Film

Holy Heroin!

Requiem for a Dream Tackles the Needle, the Damage Done, and More

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It's been reported that Darren Aronofsky, the director of "Pi" and now, Requiem for a Dream, has been tagged to direct the next, inevitable installment in the Batman franchise. After seeing his latest work, the response to that news can only be "Really?" A more unlikely choice would be hard to conceive, outside of maybe Ingmar Bergman or perhaps myself.

This isn't meant as a criticism of Aronofsky's career plans--it'll be interesting to see what he does with the much-maligned caped crusader series, and he's definitely an assured filmmaker with a post-millennial style all his own. With his first film, he crafted an utterly unique, black and white, mathematical, and Talmudic thriller that caught the indie film world's eye. With Requiem for a Dream, Aronofsky has taken a step forward, creating a grueling, intense, and sometimes darkly funny, cautionary tale about that old bugaboo, addiction.

Based on the novel by Hubert Selby Jr., Requiem charts the dual descents into degradation of Harry (Jared Leto), a good guy who happens to like shooting up, and his widowed mother Sara (Ellen Burstyn) whose obsession with getting on television leads to a diet pill habit. On his way down, Harry drags his girlfriend Marion (Jennifer Connelly) and best pal Tyrone (Marlon Wayans) with him.

Selby's novel, published in 1978, is from the beat-inspired stream-of-altered-consciousness school, and Aronofsky's rapid-fire editing captures the frenetic pace of the characters' minds. (The movie is reputed to have more cuts than any other feature in film history, although it's not clear who counts such things.) Many directors are deservedly criticized for an "MTV" short-attention-span style, but in Aronofsky's hands, it's a legitimate, music-inspired aesthetic. It also saves time. For instance, we're spared endless scenes of needles going into arms by Aronofsky's use of a shorthand montage (baggie is emptied, spoon is heated, plunger is pressed, eyes dilate) to tell us in five seconds what would otherwise take minutes.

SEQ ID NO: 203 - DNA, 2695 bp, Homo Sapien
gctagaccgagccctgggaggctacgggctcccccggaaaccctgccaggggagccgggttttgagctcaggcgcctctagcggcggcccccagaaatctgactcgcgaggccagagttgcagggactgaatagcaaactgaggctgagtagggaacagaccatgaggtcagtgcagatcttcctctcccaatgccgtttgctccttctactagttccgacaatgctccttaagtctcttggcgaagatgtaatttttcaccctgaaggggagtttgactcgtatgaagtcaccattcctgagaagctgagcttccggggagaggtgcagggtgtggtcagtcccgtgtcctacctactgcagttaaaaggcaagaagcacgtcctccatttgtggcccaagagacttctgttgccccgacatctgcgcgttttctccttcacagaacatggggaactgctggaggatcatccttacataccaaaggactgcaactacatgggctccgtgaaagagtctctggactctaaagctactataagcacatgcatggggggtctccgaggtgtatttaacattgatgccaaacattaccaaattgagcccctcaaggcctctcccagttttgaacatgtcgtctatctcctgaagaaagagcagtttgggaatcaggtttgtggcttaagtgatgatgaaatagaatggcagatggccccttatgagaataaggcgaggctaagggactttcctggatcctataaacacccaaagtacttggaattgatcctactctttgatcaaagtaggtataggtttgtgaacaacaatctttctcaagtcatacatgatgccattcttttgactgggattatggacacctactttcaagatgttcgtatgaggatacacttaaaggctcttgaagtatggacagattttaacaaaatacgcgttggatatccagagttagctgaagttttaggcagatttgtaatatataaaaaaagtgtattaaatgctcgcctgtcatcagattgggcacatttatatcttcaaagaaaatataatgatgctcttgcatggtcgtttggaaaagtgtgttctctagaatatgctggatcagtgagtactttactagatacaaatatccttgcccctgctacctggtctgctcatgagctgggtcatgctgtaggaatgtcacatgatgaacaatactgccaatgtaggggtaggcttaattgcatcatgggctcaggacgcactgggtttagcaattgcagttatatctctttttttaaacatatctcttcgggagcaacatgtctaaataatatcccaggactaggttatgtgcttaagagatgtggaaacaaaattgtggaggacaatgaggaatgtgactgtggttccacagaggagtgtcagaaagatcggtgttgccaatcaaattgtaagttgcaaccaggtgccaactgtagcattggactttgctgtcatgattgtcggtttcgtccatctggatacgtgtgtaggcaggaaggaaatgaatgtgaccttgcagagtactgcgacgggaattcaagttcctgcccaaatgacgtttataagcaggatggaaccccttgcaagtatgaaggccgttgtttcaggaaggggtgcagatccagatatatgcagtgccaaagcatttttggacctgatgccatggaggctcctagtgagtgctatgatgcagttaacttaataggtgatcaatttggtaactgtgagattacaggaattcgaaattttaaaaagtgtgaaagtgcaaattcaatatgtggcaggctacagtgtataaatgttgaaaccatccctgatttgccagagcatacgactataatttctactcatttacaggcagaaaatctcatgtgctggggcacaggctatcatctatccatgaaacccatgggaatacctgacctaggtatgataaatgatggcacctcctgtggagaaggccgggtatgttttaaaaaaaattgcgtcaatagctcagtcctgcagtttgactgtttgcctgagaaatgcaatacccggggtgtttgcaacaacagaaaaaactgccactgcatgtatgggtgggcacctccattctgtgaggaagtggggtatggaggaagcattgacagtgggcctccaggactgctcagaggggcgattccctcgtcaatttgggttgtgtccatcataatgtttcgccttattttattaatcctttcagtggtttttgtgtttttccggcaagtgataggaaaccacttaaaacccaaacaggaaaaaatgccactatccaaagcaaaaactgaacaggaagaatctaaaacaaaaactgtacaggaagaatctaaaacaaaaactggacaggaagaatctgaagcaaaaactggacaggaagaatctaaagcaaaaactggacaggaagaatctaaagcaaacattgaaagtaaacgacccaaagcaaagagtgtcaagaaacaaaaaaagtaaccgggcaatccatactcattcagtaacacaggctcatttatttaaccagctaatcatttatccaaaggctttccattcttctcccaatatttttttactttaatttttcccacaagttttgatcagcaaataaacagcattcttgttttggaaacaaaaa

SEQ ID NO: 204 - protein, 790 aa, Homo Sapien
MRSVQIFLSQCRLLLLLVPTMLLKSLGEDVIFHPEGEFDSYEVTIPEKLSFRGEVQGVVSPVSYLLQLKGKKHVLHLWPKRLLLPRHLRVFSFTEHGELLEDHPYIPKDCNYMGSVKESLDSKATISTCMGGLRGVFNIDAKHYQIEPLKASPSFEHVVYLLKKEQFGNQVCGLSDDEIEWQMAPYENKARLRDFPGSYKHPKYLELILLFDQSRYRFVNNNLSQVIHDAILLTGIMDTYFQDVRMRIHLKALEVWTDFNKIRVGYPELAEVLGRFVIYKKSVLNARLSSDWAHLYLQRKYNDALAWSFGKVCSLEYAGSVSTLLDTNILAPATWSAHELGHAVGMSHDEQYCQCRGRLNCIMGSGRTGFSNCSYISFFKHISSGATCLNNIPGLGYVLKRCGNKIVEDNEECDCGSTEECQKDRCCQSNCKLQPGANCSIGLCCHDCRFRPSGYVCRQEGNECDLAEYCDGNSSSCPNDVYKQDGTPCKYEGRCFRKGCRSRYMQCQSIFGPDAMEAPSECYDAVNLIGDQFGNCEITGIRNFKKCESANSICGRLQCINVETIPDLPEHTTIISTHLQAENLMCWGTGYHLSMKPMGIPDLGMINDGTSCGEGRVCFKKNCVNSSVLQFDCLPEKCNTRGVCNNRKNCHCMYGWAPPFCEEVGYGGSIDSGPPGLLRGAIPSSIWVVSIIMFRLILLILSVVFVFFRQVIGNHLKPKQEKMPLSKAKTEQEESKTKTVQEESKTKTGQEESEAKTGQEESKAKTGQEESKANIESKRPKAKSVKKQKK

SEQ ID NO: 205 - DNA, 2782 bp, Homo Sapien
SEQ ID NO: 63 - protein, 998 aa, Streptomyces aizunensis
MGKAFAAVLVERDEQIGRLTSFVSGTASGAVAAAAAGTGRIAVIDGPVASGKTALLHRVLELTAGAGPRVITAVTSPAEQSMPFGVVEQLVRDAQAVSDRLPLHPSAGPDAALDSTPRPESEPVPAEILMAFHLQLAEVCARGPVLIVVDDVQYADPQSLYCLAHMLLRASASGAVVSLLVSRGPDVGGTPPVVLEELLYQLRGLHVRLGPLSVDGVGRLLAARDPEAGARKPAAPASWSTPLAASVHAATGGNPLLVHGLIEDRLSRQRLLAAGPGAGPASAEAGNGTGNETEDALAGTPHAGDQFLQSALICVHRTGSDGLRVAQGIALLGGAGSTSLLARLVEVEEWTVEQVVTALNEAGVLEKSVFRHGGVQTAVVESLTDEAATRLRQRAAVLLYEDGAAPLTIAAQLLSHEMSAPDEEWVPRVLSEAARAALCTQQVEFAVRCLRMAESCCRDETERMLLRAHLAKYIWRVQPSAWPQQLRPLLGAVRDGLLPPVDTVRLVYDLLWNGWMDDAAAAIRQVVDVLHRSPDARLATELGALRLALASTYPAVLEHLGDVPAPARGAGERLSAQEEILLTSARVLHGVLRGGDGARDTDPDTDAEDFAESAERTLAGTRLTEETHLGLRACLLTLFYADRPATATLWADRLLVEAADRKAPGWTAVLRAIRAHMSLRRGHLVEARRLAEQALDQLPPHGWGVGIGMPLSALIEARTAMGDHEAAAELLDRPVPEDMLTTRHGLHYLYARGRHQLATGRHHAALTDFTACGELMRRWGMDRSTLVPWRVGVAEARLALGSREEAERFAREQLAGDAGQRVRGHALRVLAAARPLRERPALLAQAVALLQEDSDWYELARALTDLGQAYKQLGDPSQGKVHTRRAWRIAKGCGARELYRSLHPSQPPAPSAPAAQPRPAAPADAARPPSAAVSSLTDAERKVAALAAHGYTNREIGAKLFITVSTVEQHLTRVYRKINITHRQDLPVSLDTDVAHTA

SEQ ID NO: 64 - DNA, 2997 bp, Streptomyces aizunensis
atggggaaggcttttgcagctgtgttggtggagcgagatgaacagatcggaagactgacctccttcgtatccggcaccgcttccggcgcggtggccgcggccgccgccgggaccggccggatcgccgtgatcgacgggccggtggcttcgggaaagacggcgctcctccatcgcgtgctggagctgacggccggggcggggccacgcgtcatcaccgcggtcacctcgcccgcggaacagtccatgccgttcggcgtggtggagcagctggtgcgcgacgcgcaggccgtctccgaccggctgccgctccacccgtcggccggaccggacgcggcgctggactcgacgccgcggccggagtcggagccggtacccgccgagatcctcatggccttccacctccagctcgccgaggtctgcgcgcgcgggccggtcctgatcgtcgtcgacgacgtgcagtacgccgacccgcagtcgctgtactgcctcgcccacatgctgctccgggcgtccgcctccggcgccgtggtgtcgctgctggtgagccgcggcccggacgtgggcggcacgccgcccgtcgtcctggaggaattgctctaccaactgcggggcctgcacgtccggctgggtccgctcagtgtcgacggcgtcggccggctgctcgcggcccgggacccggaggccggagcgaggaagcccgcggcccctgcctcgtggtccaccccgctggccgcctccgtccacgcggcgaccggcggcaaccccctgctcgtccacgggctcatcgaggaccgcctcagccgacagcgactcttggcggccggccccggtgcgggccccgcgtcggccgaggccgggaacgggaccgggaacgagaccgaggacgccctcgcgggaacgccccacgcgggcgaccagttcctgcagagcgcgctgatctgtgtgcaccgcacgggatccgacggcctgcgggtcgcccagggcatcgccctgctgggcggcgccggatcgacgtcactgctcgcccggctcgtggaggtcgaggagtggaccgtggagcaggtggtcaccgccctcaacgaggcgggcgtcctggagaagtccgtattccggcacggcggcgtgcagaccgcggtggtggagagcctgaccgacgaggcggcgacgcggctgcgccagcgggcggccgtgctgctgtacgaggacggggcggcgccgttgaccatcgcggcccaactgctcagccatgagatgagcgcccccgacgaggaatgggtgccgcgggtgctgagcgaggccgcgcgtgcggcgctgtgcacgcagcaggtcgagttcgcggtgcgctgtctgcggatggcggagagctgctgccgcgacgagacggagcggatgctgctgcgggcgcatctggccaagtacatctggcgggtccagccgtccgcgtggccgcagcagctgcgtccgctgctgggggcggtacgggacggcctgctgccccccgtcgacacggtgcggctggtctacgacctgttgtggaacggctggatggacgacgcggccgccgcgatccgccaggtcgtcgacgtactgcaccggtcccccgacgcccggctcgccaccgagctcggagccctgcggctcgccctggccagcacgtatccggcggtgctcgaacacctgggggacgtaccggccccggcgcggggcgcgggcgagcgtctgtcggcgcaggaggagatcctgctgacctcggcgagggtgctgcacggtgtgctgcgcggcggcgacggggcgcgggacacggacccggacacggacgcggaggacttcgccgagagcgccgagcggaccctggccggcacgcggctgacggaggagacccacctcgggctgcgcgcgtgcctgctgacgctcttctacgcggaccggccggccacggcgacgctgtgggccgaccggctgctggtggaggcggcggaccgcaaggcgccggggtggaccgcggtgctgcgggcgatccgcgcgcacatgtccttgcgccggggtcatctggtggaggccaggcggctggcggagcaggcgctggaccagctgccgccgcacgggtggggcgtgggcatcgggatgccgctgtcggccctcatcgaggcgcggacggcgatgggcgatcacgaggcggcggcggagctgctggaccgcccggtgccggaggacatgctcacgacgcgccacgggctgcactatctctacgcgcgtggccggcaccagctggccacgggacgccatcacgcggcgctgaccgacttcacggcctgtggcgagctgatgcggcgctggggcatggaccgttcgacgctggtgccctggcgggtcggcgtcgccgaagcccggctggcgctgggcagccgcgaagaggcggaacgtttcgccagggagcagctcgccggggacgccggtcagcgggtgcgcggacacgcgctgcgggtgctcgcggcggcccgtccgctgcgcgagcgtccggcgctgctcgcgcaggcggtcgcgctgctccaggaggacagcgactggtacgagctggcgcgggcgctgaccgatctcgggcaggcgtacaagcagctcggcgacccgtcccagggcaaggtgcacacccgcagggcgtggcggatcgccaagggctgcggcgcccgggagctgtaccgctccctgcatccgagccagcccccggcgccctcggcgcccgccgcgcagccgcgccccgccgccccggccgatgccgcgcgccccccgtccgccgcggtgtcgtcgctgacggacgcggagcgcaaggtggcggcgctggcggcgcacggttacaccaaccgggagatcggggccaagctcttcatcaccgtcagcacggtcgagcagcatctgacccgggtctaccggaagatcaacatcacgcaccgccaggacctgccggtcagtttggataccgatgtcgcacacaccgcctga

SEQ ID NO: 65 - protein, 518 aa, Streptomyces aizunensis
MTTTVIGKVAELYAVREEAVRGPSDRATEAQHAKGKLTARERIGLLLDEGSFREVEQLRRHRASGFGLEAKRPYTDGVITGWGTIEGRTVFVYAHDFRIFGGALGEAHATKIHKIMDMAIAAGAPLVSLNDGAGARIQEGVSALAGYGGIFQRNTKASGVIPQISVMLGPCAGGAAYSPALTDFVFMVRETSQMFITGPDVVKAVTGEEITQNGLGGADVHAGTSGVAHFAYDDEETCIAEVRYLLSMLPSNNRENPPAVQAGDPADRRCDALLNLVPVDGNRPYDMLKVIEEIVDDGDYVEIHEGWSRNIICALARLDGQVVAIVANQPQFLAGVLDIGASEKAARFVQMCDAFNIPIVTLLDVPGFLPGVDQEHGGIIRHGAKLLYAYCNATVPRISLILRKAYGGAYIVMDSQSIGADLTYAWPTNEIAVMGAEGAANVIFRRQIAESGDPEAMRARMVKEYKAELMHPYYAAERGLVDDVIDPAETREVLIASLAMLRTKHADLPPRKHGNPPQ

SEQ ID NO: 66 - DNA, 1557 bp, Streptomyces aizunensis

But to focus only on the drugs in Requiem is to miss the film's theme, which is addiction in a larger sense. This becomes clear in the story of Sara, as embodied by Burstyn in a haunting, fearless performance that damn well better get her nominated for something. Sara is hooked on food and television, a combination that becomes dangerous when she receives a call telling her she'll be on a show. Wanting to fit in her favorite dress again for this life-defining opportunity, Sara gets hooked on Dexedrine. The pills, in this case, are merely a symptom of Sara's deeper and more amorphous problems.

To get philosophical for a minute: The roots of all these characters' problems stem from the universal human desires for companionship, acceptance, and meaning, and the universal human weaknesses of self-delusion, desperation, and miscommunication. It's these recognizable frailties that keep Harry, Marion, Tyrone, and especially Sara, worthy of our sympathy despite their sometimes objectionable behavior.

Requiem for a Dream ends up as one of the most effective anti-drug films ever made. The degradation to which our sorry quartet sinks is graphically depicted, to the degree that the film was threatened with an NC-17 stamp before being released unrated. It's harsh stuff and, without spoiling too much, there's no last minute, Hollywood-style redemption. Does this mean that two years from now, our jaws will drop as a beaten, bankrupt, and bloodied Batman is finished off by a slug in the temple from The Riddler? One can only hope.

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